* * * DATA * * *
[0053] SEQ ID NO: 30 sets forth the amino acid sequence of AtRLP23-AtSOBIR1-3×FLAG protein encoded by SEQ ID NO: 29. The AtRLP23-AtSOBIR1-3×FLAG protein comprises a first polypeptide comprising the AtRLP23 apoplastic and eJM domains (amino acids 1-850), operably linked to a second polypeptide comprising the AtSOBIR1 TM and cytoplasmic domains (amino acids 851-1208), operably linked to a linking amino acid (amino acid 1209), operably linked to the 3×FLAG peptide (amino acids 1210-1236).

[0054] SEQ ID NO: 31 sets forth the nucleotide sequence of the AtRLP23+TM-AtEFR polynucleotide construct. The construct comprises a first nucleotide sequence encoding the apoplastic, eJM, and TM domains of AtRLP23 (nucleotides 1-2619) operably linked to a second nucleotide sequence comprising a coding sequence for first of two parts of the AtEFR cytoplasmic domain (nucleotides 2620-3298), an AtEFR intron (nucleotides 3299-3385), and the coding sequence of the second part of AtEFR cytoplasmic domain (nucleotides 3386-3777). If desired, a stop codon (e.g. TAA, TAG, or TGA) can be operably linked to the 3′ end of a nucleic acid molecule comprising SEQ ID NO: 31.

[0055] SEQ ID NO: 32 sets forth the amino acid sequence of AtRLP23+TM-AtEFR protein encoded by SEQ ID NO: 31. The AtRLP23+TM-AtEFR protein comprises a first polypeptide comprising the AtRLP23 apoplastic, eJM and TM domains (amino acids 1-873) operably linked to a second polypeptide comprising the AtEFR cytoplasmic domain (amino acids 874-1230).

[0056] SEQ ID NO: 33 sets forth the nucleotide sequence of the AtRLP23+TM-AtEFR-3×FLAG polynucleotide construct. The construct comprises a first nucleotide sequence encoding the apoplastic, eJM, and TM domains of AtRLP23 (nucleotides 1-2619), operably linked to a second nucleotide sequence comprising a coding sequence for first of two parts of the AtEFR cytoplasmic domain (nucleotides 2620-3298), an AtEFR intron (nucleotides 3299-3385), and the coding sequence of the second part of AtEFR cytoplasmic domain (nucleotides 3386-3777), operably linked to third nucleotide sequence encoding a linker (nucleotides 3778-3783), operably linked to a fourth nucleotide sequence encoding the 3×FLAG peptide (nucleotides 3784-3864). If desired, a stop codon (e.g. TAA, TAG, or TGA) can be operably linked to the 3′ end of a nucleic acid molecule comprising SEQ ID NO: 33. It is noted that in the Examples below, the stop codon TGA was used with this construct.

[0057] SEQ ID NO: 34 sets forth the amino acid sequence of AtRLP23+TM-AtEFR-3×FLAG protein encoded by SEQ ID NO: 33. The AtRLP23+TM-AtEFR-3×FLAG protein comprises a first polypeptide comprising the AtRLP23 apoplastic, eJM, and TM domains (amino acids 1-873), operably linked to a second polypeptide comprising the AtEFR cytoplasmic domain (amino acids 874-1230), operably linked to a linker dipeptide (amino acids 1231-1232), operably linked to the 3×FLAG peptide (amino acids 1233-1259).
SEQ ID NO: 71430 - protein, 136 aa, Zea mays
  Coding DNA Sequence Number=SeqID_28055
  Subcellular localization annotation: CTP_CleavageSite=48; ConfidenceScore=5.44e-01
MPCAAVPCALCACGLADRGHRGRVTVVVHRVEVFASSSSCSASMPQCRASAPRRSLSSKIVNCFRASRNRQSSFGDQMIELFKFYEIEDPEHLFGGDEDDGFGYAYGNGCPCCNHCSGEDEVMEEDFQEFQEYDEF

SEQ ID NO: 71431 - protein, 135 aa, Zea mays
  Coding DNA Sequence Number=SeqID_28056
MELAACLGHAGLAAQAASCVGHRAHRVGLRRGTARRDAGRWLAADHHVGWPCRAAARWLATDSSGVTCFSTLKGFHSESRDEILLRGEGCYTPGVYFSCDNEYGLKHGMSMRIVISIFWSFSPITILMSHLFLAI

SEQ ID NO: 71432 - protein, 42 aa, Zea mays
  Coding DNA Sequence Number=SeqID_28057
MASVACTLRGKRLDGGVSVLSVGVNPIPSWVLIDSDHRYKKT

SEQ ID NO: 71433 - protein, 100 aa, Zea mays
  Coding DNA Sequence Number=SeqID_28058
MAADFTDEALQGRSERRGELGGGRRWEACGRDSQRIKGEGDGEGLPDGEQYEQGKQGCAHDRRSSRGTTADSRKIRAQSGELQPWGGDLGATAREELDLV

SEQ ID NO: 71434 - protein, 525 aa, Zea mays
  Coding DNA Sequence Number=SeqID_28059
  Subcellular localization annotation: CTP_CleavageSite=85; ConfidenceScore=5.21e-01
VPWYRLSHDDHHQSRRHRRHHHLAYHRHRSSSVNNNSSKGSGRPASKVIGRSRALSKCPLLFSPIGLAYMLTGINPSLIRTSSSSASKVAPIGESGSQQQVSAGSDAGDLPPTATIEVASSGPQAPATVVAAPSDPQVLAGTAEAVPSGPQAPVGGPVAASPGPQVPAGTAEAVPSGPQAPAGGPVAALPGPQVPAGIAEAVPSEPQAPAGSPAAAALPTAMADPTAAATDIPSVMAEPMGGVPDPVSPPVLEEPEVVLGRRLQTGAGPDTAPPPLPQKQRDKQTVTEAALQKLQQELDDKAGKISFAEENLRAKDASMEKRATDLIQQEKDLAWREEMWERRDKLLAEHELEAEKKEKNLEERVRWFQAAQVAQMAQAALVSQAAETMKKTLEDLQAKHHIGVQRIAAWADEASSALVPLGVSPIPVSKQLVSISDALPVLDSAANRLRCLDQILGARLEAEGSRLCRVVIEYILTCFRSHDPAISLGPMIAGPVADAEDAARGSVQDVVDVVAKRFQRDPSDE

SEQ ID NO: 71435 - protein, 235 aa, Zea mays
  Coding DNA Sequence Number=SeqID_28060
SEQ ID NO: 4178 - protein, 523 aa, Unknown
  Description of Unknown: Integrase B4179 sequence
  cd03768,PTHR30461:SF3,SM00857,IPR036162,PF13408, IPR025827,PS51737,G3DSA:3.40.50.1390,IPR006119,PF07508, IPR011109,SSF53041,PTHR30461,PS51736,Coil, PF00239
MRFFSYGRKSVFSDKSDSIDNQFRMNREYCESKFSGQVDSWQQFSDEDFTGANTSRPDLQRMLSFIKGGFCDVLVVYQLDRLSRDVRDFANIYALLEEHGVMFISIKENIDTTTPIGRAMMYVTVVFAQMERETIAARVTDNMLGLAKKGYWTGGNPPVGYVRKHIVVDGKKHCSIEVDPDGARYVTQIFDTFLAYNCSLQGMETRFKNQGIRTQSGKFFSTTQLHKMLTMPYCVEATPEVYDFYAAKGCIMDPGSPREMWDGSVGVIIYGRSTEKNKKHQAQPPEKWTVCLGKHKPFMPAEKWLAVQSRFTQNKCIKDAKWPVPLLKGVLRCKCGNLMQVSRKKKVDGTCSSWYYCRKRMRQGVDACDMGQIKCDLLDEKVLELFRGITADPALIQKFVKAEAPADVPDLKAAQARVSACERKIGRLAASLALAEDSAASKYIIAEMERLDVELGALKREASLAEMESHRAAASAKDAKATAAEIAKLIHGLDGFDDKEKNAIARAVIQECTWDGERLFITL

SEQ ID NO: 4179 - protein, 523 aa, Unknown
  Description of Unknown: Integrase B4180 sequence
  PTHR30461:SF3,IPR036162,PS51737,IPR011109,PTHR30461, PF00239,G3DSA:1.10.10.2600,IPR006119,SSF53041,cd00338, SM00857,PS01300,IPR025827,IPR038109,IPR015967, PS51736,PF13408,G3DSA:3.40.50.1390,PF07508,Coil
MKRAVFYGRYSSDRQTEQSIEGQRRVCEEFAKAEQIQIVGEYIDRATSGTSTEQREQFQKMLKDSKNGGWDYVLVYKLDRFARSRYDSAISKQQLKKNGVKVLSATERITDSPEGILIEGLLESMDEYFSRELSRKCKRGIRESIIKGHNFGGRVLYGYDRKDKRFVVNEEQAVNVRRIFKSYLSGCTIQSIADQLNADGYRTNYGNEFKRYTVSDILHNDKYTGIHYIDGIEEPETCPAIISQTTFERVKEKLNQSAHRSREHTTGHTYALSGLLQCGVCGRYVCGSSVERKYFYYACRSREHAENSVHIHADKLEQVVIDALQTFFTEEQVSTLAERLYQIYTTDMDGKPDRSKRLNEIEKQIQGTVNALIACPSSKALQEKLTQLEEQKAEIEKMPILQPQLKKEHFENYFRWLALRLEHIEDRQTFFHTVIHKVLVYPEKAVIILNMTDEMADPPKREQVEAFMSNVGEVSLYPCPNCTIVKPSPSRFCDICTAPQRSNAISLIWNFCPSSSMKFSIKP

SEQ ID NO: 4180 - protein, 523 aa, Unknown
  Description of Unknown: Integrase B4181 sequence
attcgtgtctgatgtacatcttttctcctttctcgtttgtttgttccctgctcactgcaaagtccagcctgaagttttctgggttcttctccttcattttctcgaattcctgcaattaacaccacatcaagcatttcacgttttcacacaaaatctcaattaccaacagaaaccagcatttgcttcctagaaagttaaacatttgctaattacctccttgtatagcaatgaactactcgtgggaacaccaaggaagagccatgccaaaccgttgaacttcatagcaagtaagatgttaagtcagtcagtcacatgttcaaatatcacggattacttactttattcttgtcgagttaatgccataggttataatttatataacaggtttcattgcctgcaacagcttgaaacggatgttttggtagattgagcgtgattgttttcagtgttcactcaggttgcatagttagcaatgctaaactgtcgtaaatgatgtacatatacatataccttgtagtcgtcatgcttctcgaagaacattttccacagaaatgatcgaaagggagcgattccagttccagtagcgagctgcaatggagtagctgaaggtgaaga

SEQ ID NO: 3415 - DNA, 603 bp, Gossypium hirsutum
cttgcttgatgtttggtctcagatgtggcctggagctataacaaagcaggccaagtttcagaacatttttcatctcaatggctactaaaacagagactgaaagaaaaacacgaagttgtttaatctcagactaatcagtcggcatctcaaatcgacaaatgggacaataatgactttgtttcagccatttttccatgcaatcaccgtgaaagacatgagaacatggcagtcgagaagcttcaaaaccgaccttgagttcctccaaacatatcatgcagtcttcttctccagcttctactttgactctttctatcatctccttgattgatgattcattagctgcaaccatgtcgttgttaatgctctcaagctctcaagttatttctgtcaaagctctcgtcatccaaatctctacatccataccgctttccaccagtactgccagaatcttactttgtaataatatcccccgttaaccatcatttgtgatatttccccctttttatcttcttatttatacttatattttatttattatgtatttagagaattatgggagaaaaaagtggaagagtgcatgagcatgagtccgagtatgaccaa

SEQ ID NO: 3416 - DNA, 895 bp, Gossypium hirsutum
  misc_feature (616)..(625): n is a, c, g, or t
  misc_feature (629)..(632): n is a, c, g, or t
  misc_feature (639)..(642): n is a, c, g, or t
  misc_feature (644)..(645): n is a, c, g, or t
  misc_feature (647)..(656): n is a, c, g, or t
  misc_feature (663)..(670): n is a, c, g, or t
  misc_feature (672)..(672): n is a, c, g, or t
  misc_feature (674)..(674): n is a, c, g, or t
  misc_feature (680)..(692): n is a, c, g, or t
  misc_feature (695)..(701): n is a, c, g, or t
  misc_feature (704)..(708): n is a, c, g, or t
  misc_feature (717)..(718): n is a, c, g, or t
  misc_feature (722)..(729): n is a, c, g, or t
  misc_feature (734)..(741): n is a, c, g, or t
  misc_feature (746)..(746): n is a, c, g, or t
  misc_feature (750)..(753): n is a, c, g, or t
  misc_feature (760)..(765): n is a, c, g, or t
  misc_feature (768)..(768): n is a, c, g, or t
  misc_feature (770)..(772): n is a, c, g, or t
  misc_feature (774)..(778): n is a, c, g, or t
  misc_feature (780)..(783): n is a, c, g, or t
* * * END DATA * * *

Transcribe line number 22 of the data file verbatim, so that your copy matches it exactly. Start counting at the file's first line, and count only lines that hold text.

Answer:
VPWYRLSHDDHHQSRRHRRHHHLAYHRHRSSSVNNNSSKGSGRPASKVIGRSRALSKCPLLFSPIGLAYMLTGINPSLIRTSSSSASKVAPIGESGSQQQVSAGSDAGDLPPTATIEVASSGPQAPATVVAAPSDPQVLAGTAEAVPSGPQAPVGGPVAASPGPQVPAGTAEAVPSGPQAPAGGPVAALPGPQVPAGIAEAVPSEPQAPAGSPAAAALPTAMADPTAAATDIPSVMAEPMGGVPDPVSPPVLEEPEVVLGRRLQTGAGPDTAPPPLPQKQRDKQTVTEAALQKLQQELDDKAGKISFAEENLRAKDASMEKRATDLIQQEKDLAWREEMWERRDKLLAEHELEAEKKEKNLEERVRWFQAAQVAQMAQAALVSQAAETMKKTLEDLQAKHHIGVQRIAAWADEASSALVPLGVSPIPVSKQLVSISDALPVLDSAANRLRCLDQILGARLEAEGSRLCRVVIEYILTCFRSHDPAISLGPMIAGPVADAEDAARGSVQDVVDVVAKRFQRDPSDE